Genetic discovery provides clues to how TBmay evade the immune system16 March 2015
This photomicrograph reveals Mycobacteriumtuberculosis bacteria using acid-fast Ziehl-Neelsen stain;Magnified 1000 X. The acid-fast stains depend on theability of mycobacteria to retain dye when treated withmineral acid or an acid-alcohol solution such as the Ziehl-Neelsen, or the Kinyoun stains that are carbolfuchsinmethods specific for M. tuberculosis. Credit: publicdomain
The largest genetic study of tuberculosis (TB)susceptibility to date has led to a potentiallyimportant new insight into how the pathogenmanages to evade the immune system. Publishedtoday in the journal Nature Genetics, the studyadvances understanding of the biologicalmechanisms involved in TB, which may open upnew avenues to design efficient vaccines for itsprevention.
TB, caused by infection with the pathogen Mycobacterium tuberculosis, is a major globalpublic health problem. According to the WorldHealth Organization, in 2013 nine million peoplefell ill with TB and 1.5 million died from the disease.Over 95% of TB deaths occur in low- and middle-income countries. About one-third of the world'spopulation has latent TB - in other words, theycarry the infection but show no symptoms; only
around one in ten of infected individuals developactive TB.
Evidence suggests that an individual's DNA affectstheir susceptibility to TB, both in terms of becominginfected and whether the disease progresses fromlatent to active TB. In order to identify genes thatpredispose people to TB, an international team ofresearchers carried out a genome-wide associationstudy (GWAS), comparing the genomes of 5,500TB patients against those of 5,600 healthy controls.In total, the researchers analysed 7.6 milliongenetic variants.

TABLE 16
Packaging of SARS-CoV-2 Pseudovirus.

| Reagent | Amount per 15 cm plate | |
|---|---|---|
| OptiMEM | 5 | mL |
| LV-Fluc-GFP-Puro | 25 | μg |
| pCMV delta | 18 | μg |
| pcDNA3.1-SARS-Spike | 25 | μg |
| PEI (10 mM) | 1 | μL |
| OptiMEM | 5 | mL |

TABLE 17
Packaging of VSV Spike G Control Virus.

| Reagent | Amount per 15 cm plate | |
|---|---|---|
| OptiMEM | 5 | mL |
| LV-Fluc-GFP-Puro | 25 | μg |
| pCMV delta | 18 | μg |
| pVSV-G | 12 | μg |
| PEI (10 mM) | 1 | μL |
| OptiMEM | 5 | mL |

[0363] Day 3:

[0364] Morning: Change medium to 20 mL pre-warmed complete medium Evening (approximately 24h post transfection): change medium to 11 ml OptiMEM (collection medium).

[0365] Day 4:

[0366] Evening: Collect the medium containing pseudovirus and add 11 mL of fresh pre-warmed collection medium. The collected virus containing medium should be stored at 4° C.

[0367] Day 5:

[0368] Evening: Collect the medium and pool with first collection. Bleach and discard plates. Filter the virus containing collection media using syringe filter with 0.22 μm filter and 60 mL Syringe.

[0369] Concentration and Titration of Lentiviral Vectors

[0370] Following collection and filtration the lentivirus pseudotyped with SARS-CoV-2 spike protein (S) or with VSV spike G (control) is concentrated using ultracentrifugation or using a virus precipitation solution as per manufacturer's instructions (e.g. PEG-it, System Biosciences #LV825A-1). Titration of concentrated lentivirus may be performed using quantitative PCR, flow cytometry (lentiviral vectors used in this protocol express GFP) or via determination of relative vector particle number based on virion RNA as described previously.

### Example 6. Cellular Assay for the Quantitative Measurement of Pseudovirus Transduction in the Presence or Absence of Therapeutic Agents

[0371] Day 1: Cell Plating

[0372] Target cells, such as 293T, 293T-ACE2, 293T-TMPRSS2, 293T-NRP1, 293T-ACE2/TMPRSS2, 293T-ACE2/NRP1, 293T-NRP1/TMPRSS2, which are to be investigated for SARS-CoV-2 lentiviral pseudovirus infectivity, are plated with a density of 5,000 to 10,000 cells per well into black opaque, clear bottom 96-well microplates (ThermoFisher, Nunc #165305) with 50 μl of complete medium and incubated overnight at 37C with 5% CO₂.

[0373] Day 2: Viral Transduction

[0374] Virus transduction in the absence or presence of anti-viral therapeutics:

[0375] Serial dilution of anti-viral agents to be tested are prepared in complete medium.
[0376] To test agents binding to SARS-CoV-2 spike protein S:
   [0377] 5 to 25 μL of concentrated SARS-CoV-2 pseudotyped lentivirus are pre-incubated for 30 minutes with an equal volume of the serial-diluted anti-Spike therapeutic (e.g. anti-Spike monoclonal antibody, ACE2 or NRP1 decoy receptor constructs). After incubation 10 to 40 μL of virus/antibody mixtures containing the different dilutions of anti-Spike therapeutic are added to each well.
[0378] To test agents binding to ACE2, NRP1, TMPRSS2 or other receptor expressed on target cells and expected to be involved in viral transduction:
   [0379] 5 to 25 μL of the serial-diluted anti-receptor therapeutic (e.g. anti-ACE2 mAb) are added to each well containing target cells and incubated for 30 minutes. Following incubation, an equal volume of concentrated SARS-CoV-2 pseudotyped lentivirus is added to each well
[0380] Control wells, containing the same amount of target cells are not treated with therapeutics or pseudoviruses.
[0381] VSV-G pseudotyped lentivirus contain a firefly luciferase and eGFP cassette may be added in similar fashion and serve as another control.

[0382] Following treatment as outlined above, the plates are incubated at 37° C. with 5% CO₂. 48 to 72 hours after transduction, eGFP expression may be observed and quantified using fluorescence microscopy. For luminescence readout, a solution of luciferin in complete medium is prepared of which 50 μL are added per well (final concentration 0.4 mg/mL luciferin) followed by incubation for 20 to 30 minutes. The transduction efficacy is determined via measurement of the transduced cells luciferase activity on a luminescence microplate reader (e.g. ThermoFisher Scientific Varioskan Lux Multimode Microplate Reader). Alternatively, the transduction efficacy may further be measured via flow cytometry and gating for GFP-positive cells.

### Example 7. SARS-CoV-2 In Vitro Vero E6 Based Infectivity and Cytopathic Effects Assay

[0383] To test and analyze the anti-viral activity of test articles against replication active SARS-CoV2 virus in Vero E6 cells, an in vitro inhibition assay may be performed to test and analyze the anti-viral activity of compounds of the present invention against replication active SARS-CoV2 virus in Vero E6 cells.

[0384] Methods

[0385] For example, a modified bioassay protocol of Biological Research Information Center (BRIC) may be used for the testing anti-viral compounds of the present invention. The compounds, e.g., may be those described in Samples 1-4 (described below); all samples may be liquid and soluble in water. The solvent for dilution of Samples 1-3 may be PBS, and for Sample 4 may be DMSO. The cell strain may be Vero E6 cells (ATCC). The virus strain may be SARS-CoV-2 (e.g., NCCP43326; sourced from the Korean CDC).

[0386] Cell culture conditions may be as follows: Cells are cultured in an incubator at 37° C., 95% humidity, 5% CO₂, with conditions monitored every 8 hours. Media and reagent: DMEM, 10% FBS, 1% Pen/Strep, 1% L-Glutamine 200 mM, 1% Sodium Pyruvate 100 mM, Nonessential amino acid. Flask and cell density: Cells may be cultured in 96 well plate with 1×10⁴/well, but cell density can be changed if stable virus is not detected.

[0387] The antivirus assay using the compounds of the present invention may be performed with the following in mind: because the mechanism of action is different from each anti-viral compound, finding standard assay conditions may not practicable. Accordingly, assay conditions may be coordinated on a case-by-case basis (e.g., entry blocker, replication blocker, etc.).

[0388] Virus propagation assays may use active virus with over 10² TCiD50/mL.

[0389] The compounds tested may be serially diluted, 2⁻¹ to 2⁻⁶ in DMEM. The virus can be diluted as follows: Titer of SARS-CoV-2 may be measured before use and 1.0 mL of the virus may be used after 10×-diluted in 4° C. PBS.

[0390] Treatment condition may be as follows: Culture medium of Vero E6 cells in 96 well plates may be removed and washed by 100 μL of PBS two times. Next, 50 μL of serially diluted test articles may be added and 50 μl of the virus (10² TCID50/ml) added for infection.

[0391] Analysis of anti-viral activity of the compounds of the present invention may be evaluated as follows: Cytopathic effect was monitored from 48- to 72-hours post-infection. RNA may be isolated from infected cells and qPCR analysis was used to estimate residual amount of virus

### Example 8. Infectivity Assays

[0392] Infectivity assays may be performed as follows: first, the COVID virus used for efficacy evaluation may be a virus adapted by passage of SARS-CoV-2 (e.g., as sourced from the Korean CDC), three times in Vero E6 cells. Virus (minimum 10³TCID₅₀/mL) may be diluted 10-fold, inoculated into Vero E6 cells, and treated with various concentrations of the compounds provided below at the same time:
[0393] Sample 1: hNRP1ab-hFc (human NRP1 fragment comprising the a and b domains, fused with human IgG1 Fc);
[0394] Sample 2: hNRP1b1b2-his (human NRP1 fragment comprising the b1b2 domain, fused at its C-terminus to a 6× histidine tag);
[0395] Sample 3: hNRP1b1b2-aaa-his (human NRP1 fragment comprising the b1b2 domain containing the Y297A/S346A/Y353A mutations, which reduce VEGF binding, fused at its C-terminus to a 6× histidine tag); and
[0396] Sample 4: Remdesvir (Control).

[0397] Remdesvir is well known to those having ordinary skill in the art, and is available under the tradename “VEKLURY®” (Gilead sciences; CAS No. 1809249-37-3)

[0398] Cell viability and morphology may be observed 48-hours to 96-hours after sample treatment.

The team found that variants of the gene ASAP1 onchromosome 8 affect individuals' susceptibility toTB. The gene encodes a protein carrying the samename and is highly expressed - in other words,larger amounts of the protein are found - in aparticular type of immune cells known as dendriticcells that play a key role in kick-starting the body'simmune response to incoming pathogens.
The researchers showed that infection with M.tuberculosis leads to the reduction of ASAP1expression in dendritic cells - but people who havea particular genetic variant in the ASAP1 geneassociated with greater susceptibility to TB showstronger reduction of ASAP1 expression after infection than people who have a protective variantof this gene.
The researchers found that reducing levels of theASAP1 protein affects the ability of dendritic cells tomove, which explains the mechanism of thepreviously-known slow migration of dendritic cellsinfected with M. tuberculosis and may help thepathogen to evade the immune system, leading toTB.
"Our study provides a new insight into biologicalmechanisms of TB," says Dr Sergey Nejentsev,Wellcome Trust Senior Research Fellow from theDepartment of Medicine at the University of
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Cambridge, who led the research. "TB is a majorglobal health problem and the threat of drug-resistance means that we urgently need to developnew ways of fighting back. In future, it may bepossible to target immune pathways that involveASAP1 to design efficient vaccines for TBprevention."
More information: Curtis, J et al. Susceptibility totuberculosis is associated with variants in theASAP1 gene encoding a regulator of dendritic cellmigration. Nat Gen; 16 March 2015
Provided by University of CambridgeAPA citation: Genetic discovery provides clues to how TB may evade the immune system (2015, March16) retrieved 14 July 2018 from https://medicalxpress.com/news/2015-03-genetic-discovery-clues-tb-evade.html
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